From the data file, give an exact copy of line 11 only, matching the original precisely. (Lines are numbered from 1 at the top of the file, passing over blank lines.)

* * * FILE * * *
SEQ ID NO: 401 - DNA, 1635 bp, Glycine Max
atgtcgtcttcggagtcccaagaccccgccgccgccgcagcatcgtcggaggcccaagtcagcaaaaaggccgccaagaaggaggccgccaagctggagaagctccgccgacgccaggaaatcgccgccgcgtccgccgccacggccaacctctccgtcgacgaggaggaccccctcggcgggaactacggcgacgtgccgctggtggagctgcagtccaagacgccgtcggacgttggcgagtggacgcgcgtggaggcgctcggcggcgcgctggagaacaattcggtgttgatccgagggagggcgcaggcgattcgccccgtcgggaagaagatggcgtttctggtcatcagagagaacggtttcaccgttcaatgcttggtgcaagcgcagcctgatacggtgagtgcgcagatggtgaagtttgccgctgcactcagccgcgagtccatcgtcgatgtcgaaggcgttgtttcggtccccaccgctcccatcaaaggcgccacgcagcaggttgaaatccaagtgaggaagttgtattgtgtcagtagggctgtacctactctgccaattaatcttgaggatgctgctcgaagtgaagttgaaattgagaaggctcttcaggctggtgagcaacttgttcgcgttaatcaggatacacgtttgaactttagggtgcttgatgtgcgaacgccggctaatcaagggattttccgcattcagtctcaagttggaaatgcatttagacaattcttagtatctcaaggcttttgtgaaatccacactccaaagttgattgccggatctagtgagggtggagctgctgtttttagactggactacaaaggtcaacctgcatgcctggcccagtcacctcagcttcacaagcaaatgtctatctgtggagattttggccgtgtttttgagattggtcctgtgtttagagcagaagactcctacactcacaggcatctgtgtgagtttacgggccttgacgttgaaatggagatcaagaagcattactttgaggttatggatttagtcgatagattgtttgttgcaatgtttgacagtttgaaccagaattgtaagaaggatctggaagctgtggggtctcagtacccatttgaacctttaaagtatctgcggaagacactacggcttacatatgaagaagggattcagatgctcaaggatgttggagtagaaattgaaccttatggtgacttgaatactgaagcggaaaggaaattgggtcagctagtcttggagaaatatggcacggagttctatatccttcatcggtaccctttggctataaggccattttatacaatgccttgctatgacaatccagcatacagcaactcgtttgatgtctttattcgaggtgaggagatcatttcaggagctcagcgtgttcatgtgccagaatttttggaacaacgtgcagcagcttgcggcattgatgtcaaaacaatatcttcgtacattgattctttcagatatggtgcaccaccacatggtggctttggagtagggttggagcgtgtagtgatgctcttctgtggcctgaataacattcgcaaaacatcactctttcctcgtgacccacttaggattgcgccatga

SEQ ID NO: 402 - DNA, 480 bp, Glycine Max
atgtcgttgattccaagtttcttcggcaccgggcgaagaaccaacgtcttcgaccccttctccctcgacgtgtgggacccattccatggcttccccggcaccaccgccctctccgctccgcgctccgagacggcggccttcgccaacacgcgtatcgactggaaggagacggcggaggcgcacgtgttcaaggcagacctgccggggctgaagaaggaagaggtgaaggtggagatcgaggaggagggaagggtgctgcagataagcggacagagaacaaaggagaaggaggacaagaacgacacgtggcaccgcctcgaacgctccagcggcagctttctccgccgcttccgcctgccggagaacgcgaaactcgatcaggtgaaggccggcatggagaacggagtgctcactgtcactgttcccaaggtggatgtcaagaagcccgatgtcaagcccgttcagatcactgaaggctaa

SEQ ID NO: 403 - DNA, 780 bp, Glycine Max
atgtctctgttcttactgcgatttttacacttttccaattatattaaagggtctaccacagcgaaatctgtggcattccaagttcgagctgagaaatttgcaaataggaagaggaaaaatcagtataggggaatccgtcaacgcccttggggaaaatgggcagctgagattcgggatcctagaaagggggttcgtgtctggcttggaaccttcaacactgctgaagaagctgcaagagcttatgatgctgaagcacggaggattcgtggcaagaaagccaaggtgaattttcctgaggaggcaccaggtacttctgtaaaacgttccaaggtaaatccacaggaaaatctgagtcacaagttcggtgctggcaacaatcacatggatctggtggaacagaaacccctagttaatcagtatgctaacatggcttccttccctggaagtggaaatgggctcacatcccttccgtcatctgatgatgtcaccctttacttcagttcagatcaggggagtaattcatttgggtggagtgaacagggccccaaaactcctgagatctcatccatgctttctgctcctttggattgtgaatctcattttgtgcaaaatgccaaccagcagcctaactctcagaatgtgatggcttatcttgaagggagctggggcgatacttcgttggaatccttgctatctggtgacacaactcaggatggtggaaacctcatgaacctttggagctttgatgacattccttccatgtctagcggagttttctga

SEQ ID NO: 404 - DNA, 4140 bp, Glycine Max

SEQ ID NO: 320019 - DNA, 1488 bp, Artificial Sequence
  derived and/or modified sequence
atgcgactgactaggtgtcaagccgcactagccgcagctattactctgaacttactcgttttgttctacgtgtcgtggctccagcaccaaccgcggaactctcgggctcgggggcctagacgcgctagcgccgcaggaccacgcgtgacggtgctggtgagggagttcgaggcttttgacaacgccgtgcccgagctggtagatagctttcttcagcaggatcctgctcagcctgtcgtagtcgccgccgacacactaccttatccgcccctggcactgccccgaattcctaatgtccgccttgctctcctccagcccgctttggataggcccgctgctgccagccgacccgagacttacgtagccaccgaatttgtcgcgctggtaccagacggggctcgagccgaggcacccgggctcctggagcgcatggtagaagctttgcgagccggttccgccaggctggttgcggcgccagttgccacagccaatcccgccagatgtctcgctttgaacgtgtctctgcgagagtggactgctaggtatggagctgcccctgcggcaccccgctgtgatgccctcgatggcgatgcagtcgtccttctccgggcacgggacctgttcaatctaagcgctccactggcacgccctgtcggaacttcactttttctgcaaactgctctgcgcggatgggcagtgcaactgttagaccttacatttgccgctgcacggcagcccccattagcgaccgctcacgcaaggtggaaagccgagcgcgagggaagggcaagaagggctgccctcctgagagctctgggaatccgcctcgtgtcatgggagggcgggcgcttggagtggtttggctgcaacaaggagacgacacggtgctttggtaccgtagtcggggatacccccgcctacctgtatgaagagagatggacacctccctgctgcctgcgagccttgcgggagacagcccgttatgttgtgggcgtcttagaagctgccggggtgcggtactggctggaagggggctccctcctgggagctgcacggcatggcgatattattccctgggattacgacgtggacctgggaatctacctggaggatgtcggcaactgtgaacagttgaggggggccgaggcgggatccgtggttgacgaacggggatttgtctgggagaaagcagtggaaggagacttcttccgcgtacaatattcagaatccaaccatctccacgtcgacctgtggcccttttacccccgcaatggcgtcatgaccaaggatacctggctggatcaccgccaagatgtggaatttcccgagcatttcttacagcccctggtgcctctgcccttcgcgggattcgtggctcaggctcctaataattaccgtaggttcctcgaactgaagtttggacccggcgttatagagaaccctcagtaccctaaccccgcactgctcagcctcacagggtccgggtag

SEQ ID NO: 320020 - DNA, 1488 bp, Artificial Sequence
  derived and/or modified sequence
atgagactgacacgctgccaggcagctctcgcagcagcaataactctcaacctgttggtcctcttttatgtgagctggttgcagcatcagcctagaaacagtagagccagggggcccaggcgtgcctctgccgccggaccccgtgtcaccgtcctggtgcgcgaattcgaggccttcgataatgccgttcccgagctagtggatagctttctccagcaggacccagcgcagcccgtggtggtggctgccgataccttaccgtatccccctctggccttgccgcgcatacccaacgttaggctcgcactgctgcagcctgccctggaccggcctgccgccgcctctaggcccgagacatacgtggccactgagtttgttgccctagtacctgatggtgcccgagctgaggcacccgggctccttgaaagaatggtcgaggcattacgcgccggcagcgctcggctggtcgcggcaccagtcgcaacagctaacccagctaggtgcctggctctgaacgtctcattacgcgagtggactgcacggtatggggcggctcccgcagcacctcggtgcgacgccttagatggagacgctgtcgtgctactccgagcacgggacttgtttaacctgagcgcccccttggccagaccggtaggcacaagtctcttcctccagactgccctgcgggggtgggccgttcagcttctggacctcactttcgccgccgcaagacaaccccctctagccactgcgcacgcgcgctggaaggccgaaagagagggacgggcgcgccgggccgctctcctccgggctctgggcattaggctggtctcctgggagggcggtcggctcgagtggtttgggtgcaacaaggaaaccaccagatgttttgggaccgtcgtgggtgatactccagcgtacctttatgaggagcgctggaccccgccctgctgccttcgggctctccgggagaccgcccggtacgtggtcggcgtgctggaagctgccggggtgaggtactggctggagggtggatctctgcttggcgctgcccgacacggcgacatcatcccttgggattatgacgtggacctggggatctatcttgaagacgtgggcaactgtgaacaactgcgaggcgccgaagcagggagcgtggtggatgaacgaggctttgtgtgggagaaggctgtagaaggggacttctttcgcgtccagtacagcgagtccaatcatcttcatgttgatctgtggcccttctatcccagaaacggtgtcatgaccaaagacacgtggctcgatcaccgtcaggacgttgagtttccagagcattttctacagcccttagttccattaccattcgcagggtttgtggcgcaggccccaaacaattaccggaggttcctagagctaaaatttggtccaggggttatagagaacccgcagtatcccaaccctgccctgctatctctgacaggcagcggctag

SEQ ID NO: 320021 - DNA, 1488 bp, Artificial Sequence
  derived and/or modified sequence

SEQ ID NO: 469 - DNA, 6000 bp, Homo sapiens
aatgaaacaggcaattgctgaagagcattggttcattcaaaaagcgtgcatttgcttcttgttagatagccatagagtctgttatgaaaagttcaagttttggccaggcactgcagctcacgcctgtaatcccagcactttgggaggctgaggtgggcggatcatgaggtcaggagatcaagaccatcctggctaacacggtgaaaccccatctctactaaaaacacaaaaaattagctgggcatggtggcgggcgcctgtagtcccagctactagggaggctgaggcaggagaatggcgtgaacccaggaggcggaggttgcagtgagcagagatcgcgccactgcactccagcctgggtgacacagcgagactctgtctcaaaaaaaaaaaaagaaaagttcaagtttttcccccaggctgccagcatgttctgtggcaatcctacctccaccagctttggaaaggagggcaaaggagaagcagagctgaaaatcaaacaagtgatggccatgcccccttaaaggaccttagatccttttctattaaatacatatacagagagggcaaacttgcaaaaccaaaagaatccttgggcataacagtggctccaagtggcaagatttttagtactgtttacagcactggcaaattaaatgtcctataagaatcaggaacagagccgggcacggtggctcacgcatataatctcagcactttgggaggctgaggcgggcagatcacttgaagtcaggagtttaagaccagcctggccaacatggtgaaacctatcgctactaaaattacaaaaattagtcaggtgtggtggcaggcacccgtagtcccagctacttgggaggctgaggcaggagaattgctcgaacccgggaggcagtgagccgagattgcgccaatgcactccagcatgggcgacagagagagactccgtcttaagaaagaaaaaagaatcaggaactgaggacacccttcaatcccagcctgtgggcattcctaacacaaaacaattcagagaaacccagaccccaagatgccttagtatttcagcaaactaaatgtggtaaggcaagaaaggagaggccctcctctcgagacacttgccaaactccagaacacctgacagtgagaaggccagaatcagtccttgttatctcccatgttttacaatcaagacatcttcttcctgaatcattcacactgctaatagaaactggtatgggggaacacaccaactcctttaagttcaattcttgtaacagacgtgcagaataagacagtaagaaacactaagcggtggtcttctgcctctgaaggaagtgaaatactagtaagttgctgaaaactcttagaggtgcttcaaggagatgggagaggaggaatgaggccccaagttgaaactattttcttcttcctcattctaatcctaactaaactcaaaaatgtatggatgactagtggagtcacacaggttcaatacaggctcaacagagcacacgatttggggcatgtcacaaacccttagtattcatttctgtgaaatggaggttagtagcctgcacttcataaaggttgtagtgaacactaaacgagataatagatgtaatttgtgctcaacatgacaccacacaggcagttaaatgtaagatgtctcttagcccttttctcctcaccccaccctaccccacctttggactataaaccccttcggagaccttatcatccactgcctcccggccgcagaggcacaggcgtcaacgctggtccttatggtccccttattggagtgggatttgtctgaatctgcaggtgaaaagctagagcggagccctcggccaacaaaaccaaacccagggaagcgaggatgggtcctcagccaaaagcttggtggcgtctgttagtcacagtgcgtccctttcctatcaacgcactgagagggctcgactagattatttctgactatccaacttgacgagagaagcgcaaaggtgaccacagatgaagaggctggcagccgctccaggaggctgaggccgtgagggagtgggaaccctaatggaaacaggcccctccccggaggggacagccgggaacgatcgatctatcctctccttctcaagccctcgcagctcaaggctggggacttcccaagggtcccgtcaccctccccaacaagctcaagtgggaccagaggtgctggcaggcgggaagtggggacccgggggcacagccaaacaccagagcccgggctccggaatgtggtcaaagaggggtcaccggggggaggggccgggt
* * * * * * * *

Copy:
SEQ ID NO: 320020 - DNA, 1488 bp, Artificial Sequence